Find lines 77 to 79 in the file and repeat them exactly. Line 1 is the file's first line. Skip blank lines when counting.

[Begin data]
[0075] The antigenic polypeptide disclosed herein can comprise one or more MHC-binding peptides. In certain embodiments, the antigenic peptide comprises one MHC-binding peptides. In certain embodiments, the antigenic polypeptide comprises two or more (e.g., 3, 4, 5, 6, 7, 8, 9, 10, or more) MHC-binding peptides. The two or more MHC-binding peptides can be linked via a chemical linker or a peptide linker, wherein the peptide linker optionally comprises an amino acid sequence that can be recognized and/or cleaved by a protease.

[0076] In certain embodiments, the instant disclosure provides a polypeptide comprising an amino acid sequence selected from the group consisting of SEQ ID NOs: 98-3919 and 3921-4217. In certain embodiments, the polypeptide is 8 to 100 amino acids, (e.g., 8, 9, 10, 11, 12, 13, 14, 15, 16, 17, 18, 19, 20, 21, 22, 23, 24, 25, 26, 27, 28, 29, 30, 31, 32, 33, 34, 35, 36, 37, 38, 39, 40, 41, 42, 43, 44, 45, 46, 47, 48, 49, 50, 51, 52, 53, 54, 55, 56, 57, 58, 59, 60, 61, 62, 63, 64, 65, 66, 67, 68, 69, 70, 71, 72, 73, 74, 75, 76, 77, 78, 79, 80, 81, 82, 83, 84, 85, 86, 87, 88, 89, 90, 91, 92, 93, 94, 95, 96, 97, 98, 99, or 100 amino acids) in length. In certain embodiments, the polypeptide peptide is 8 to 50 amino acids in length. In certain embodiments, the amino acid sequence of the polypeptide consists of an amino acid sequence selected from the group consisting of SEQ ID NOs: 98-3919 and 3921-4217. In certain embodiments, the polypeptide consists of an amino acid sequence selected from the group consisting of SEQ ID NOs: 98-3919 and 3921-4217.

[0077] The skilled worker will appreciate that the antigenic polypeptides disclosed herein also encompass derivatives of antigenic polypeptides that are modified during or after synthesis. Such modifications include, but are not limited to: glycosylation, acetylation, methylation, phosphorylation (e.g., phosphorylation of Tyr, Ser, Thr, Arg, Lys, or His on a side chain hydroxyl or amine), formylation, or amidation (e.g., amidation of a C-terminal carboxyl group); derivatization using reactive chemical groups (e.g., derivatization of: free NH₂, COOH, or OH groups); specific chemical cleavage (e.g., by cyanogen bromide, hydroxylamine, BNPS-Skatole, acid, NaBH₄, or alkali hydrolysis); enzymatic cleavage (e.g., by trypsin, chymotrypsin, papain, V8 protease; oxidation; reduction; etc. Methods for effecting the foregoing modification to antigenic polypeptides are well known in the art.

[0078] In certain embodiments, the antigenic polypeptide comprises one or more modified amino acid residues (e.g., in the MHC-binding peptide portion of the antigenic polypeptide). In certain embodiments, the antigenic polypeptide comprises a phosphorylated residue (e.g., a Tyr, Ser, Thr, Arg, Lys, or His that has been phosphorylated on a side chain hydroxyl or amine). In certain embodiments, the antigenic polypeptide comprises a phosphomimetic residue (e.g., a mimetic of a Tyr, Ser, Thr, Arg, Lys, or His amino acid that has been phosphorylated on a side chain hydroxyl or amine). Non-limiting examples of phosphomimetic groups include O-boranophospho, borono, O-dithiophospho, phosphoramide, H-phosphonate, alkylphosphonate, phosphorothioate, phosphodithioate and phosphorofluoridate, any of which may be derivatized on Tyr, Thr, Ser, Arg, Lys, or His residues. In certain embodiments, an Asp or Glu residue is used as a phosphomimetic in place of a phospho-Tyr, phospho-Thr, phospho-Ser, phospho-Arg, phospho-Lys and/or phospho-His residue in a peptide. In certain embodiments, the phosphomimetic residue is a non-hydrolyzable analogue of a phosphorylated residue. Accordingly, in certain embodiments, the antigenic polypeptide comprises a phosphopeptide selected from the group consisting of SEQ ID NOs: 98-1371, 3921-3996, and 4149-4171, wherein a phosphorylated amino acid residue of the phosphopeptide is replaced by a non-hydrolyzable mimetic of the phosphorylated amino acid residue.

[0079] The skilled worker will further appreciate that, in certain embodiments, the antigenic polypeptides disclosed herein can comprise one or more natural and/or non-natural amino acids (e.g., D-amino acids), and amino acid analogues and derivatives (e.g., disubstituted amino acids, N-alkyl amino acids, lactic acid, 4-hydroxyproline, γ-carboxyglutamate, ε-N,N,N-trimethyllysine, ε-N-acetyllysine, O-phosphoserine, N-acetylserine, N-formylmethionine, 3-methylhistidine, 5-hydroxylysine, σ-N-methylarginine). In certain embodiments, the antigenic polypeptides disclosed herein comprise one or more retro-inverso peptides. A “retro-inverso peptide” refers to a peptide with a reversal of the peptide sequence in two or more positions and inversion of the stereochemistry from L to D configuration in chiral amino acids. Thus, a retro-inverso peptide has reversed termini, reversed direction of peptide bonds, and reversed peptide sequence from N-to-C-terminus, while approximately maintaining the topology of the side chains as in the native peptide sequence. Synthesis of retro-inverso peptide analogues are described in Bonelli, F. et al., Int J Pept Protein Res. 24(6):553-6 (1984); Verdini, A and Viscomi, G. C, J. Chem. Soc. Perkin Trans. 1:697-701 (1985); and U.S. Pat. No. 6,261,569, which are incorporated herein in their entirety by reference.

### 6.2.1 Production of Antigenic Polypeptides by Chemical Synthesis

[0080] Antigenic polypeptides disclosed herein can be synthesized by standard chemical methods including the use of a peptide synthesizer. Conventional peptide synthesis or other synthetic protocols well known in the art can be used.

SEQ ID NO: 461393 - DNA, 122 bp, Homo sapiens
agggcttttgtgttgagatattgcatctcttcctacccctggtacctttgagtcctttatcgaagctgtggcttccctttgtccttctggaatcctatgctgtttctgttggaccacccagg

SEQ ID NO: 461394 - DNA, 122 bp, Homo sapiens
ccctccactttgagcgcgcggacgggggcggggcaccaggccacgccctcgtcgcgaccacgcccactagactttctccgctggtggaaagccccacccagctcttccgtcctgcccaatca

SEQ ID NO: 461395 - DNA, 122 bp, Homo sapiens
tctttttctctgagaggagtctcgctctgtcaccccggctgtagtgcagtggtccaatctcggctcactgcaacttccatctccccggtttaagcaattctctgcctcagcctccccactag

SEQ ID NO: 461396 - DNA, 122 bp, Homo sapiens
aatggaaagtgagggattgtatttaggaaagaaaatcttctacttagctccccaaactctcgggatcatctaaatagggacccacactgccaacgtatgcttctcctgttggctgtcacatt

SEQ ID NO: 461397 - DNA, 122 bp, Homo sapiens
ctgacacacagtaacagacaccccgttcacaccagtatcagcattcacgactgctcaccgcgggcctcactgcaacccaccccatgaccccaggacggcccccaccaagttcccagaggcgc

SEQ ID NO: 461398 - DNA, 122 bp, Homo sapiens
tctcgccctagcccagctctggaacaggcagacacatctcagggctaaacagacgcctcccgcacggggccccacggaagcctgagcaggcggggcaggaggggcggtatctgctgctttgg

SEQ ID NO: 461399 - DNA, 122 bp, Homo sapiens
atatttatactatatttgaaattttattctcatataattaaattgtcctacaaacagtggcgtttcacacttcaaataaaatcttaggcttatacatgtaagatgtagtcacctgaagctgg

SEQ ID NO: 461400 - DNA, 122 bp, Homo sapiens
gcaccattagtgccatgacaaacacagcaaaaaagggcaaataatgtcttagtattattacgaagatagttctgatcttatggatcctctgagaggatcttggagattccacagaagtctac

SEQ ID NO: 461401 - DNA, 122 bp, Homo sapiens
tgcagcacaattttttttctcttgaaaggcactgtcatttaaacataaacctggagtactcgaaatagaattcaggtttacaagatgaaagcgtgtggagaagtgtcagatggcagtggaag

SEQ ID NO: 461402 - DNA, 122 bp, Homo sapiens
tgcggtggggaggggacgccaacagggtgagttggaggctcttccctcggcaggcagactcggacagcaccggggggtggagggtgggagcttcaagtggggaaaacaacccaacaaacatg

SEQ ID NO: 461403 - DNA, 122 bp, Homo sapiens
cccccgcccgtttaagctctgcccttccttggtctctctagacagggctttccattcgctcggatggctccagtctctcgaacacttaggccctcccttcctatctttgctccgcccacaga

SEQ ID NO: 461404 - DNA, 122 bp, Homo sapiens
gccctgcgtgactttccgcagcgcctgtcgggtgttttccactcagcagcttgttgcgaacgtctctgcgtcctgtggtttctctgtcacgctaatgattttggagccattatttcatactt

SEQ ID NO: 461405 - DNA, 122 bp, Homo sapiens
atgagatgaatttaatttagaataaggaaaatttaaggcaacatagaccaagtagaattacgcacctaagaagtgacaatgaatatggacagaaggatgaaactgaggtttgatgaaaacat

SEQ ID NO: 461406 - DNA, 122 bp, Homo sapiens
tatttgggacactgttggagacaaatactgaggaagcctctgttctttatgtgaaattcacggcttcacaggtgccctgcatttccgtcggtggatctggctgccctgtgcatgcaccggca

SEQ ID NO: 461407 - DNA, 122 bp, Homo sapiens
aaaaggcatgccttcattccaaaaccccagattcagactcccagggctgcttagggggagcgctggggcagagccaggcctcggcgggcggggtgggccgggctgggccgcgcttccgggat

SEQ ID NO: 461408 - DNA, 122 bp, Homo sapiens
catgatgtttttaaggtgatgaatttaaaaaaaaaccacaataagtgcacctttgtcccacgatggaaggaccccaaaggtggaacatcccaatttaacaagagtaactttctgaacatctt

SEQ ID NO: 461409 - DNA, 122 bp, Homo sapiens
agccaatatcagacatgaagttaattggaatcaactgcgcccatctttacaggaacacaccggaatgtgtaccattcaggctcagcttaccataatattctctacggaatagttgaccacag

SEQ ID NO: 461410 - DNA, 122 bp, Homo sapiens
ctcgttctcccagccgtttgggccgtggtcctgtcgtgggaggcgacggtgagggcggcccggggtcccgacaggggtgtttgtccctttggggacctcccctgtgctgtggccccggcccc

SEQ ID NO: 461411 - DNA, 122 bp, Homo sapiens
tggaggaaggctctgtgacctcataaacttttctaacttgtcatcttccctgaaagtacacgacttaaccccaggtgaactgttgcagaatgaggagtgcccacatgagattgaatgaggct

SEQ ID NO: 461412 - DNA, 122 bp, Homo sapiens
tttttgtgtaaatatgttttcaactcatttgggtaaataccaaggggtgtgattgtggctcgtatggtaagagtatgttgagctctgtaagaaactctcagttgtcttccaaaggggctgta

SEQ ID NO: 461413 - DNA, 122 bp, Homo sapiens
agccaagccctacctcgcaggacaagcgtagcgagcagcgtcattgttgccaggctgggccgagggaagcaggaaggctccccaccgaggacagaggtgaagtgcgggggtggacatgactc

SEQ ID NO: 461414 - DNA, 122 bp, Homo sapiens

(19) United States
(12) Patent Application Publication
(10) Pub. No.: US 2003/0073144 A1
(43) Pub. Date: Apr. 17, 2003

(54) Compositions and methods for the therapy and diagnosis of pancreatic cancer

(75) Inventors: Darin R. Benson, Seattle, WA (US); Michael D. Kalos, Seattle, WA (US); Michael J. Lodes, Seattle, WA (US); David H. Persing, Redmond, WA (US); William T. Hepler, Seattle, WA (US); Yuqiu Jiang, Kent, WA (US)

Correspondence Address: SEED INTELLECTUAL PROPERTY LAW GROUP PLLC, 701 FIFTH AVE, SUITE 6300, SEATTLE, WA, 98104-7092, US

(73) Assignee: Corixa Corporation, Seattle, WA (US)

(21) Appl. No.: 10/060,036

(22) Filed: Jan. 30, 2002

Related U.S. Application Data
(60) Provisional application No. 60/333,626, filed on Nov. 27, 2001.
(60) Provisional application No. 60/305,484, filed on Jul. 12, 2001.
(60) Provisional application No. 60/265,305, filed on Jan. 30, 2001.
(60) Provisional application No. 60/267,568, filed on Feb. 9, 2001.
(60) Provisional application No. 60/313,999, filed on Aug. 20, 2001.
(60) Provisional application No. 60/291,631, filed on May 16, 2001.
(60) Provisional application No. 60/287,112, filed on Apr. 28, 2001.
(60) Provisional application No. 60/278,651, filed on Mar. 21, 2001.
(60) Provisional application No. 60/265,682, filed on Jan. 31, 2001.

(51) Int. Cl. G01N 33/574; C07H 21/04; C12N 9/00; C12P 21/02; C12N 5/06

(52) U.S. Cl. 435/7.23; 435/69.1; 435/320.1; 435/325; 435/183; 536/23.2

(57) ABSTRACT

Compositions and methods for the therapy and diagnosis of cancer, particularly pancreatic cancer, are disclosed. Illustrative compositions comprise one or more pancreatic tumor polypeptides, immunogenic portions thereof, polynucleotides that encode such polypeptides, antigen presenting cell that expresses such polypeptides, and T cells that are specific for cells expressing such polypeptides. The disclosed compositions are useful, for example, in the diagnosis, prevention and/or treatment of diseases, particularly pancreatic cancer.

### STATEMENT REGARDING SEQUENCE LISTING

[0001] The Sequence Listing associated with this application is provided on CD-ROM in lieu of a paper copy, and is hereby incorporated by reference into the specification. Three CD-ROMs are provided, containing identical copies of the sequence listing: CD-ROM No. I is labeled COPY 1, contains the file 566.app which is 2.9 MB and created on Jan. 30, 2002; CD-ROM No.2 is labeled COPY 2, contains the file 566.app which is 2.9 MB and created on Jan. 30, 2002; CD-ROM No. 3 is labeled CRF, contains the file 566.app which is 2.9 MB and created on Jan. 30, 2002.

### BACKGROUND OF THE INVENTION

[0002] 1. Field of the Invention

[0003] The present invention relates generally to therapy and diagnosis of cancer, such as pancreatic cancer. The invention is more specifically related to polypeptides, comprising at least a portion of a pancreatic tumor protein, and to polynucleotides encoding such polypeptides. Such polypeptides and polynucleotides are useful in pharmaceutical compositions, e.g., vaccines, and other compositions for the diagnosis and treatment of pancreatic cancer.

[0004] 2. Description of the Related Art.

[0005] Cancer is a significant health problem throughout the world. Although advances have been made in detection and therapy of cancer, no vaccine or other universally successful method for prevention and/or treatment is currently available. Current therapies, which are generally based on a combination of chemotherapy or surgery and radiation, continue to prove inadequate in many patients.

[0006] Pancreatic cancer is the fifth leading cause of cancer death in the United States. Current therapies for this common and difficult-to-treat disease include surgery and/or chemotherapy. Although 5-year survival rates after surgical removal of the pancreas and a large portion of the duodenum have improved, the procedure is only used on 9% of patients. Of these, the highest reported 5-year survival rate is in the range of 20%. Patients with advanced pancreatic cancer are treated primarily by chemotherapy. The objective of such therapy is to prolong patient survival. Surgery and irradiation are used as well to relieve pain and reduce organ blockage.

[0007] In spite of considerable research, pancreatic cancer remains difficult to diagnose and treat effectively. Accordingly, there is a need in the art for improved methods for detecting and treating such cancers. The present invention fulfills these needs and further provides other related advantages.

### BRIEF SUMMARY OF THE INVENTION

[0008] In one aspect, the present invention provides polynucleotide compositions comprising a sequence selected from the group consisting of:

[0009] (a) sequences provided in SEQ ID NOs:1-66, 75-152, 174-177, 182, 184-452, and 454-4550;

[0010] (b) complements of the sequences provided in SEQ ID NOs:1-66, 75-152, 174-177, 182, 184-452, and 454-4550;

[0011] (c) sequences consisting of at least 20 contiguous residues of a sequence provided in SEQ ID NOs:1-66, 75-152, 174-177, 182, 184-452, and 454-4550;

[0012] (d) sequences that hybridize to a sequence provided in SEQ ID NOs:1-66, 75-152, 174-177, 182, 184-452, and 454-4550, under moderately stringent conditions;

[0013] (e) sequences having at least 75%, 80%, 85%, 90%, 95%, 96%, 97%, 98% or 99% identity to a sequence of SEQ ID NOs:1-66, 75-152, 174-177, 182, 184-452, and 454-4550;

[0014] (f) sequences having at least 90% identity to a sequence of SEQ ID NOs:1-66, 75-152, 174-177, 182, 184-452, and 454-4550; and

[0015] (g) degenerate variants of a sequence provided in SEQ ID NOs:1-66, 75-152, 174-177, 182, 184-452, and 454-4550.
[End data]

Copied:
### BACKGROUND OF THE INVENTION

[0002] 1. Field of the Invention

[0003] The present invention relates generally to therapy and diagnosis of cancer, such as pancreatic cancer. The invention is more specifically related to polypeptides, comprising at least a portion of a pancreatic tumor protein, and to polynucleotides encoding such polypeptides. Such polypeptides and polynucleotides are useful in pharmaceutical compositions, e.g., vaccines, and other compositions for the diagnosis and treatment of pancreatic cancer.